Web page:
What Your Search Agency Isn't Telling You

Posted 2 months ago by @jessethanley



If only every conversation with SEO firms went this way. 

With the honesty and bluntness that every business owner deserves but doesn’t receive. 

You see, the agency world at large enjoys praying on small to medium businesses. 

The sales processes have been automated, the pitches fine-tuned and with thousands of new businesses being started every month there is too much opportunity to grab. 

Afterall, what small business would decline “unlimited traffic” and “phone lines that won’t stop ringing”. 

It’s an offer too good to refuse. 

But does anyone actually stop to ask what these firms are actually selling their customers for thousands per month? 

If you peek under the hood and see how the sausage is made you realize not everything is as it seems.

From everything I've seen over the last 18 months, I believe we've entered a fraudulent market fueled by greed and short-term gains. Business owners need to protect themselves. 

It's a bubble that just keeps getting bigger, and the question I keep asking myself is: when will it pop?

"Hold up, what exactly are you talking about Jesse?"

Well, let’s break down what a lot of these agencies are pitching. 

Our team works as an advisor to a large group of businesses where our sole purpose is to audit the agencies pitching our clients.

We’re tasked to work out exactly where our dollars are going and if they are being spent effectively. 

Almost 90% of the time they aren’t. 

You’d be shocked at what someone will openly admit when their guard drops the minute they are “speaking to another SEO”. 

From the second I start referring to terms they way they are referring to them, they become real with you and openly admit to the margins they are making.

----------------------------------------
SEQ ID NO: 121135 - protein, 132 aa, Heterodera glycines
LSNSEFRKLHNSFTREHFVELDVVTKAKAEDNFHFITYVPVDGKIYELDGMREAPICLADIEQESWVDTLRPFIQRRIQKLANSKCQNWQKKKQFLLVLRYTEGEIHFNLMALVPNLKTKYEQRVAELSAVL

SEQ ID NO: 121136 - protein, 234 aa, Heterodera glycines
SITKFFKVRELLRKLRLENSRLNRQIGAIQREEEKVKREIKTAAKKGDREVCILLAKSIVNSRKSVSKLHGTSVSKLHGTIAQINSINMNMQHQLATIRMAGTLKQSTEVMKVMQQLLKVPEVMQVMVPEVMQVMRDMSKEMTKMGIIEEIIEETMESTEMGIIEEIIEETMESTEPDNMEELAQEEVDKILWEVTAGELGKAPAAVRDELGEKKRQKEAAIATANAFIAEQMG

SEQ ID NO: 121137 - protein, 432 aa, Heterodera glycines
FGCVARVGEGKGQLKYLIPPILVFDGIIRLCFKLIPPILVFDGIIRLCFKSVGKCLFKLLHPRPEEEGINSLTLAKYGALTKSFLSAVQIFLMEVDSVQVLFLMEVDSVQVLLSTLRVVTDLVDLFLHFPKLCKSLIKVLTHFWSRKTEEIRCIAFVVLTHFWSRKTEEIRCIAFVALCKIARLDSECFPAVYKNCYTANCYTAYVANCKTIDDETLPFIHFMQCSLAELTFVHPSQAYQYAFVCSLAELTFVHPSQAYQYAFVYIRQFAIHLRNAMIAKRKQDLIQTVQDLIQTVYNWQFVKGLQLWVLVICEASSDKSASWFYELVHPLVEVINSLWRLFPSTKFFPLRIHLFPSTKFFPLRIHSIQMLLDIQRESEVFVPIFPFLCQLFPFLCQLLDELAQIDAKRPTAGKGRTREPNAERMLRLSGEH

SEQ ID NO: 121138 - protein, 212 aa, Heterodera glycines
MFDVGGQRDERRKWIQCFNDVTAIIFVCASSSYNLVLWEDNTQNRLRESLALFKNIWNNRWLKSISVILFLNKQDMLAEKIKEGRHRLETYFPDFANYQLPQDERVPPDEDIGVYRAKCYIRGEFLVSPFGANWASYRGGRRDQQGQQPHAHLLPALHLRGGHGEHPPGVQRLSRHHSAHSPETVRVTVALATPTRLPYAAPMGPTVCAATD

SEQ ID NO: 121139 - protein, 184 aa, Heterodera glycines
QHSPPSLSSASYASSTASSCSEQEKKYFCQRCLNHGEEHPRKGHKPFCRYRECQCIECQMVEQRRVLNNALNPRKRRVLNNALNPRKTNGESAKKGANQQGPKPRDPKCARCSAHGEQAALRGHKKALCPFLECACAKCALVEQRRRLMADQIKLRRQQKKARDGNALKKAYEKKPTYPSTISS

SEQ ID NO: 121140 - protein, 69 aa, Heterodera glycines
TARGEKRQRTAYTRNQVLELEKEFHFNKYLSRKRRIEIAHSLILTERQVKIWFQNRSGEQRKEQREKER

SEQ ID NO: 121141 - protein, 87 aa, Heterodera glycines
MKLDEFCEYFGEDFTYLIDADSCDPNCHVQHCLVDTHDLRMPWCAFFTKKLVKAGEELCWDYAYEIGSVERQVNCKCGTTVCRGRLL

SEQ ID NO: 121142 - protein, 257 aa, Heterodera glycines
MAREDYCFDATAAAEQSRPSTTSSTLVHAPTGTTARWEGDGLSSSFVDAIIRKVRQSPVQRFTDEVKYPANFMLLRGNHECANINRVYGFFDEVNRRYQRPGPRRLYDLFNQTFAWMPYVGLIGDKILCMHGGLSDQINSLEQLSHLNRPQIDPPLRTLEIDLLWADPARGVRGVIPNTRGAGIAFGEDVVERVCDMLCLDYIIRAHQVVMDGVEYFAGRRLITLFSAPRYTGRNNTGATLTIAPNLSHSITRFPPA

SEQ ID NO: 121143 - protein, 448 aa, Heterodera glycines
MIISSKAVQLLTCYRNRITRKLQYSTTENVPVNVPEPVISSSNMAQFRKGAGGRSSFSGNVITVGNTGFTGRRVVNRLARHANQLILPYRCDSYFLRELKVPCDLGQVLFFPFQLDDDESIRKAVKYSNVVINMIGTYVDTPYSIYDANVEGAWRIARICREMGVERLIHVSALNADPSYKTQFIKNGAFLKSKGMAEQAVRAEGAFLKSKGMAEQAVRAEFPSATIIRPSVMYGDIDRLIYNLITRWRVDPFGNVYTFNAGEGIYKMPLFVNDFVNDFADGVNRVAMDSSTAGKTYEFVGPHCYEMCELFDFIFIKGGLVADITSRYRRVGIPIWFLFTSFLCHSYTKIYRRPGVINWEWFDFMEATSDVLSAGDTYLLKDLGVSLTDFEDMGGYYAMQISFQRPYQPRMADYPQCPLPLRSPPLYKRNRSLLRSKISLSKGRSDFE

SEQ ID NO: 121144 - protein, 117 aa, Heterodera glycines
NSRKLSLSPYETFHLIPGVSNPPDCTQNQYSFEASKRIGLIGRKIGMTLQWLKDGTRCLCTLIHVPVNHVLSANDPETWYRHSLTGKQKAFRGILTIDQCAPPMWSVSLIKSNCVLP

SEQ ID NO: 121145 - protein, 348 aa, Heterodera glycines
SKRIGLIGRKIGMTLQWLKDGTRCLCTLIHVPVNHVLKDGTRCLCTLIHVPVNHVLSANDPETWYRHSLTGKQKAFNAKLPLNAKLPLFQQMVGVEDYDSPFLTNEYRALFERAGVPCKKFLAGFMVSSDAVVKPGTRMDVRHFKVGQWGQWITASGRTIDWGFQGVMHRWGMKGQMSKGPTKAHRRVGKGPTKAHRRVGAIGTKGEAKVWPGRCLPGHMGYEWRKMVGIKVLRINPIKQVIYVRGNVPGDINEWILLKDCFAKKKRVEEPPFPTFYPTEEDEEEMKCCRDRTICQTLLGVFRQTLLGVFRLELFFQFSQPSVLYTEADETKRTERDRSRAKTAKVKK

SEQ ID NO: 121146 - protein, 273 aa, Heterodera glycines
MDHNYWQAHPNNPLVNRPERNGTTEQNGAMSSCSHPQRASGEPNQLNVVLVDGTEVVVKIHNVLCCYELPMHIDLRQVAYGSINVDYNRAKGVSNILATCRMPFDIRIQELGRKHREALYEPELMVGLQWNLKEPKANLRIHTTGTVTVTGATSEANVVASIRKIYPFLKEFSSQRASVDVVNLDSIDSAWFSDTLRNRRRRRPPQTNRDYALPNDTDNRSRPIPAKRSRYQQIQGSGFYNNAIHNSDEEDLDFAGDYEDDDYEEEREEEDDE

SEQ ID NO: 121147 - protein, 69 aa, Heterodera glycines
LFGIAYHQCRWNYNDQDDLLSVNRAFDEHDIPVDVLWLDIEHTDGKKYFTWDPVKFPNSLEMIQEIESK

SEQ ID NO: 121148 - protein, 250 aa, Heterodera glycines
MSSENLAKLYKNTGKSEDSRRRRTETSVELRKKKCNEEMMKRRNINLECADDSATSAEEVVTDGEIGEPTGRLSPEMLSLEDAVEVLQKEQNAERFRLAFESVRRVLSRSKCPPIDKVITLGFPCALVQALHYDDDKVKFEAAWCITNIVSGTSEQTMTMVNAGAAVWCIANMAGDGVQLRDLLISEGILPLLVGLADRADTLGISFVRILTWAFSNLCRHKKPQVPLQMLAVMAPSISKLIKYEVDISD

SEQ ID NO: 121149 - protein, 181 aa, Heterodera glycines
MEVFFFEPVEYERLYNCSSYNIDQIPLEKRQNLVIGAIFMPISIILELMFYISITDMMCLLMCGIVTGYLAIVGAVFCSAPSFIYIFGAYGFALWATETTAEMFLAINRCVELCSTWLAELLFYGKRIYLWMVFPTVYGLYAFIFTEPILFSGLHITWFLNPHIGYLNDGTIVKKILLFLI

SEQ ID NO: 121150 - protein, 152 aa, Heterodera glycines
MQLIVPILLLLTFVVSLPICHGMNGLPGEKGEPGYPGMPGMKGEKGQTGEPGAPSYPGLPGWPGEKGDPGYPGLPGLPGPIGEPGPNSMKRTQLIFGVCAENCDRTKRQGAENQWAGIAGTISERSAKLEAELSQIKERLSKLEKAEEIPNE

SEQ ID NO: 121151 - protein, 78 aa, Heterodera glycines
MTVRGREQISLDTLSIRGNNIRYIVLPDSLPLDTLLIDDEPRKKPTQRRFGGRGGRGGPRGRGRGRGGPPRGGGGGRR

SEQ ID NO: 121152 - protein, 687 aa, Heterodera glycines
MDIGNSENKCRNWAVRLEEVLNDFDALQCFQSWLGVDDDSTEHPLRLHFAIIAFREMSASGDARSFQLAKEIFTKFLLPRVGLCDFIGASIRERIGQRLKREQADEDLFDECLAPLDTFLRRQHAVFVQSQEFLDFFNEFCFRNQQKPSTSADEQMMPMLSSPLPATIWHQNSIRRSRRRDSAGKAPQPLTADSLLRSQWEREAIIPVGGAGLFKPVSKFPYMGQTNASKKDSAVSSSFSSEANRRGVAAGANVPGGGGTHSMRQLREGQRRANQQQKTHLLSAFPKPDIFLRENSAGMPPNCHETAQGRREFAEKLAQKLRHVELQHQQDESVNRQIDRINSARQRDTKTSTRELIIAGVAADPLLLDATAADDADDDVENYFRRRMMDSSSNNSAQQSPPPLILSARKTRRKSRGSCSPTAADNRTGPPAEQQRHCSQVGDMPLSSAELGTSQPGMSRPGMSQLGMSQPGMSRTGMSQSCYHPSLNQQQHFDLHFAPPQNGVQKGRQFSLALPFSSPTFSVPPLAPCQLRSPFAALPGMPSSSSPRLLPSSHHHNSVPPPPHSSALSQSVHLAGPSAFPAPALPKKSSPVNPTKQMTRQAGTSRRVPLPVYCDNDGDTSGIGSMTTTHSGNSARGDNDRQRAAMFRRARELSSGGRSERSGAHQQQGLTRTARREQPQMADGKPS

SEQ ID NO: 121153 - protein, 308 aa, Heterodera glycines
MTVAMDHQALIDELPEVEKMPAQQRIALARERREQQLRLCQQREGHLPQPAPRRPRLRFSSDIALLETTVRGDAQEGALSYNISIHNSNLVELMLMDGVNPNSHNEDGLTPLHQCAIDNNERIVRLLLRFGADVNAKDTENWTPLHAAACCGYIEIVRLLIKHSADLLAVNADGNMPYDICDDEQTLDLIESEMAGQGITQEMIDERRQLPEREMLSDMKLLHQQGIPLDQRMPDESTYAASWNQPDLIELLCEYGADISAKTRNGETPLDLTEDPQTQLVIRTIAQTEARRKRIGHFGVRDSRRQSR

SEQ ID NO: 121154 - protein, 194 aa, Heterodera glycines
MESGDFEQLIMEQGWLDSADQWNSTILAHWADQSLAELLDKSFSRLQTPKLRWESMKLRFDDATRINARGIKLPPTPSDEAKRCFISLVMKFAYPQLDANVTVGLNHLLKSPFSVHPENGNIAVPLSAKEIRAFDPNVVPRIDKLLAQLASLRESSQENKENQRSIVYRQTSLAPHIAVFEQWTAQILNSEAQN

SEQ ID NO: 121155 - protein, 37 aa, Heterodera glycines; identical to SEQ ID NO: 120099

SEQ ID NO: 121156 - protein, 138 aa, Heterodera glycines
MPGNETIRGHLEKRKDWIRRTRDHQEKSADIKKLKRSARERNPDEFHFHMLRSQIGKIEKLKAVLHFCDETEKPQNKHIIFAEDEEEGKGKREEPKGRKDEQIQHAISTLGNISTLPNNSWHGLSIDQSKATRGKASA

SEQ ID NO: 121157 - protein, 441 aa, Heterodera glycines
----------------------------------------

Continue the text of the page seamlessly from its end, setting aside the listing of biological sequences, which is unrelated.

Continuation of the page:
It’s gloating at it’s finest.
 
A prime example of this was when I was last year I found myself in a boardroom of 5 executives and had one salesman for a top Australian SEO firm pitch us. 

In the pitch meeting, he referred to his link building strategy as their “patented signal strategy”. 

As he said those words I struggled to keep my composure but took notes and later reached out to him on a call. After building some rapport he ended up admitting that that package was simply a private blog network with the occasional links bought off a provider. 

That lead me down the trail of looking up their clients (it was easy; all had footer links to the agency) to see what quality these were.

I was shocked at what I found.

The lowest quality sites you’ve ever seen in your life. 

All packaged up into a bundle that they wanted to charge us $5,000 USD per month for. This didn't even include content or any technical SEO updates/changes.

And this is the big problem with this industry. Salesman enjoy using made-up terms to confuse outsiders. 

It’s the only way to justify absolute garbage to buyers and obfuscate the reality.  

No matter how far back you go in history fraud and short-sighted thinking never wins the long bet.

Eventually, people get caught. Things go south. Sites will fall. 

And this does occasionally happen. 

Every couple of months sites and networks get penalized (remove from Google) but rarely does this get talked about. 

And as fun, as it is to watch these firms that have scammed people get burned to the ground as their clients are penalized, you realize that it’s average people who were brought into the scam that is collateral.

So what are the things most agencies are selling you when it comes to SEO?

There are two profiles of agencies you need to watch out for. 

"That Big Firm You Never Heard Of"
Risk: Medium.

You’ll be able to spot this from a mile away. When you engage you’ll be met with a sales guy wearing a suit who will refer to his “team” whenever you ask the difficult questions. These agencies tend to be the ones promoting their awards and badges (i.e “AdWords” badges that anyone can get). 

The work they will do is have some junior associate follow a checklist for your site and then they will commission a third party agency, in some foreign land, to build you links @ an hourly rate of $80 - $100 per hour. The links will come from a known network, on a spreadsheet, of businesses that accept links.

Other times, if they are greedy for margin, they will just "rent" links from a well-known network. 

"The One Man Team"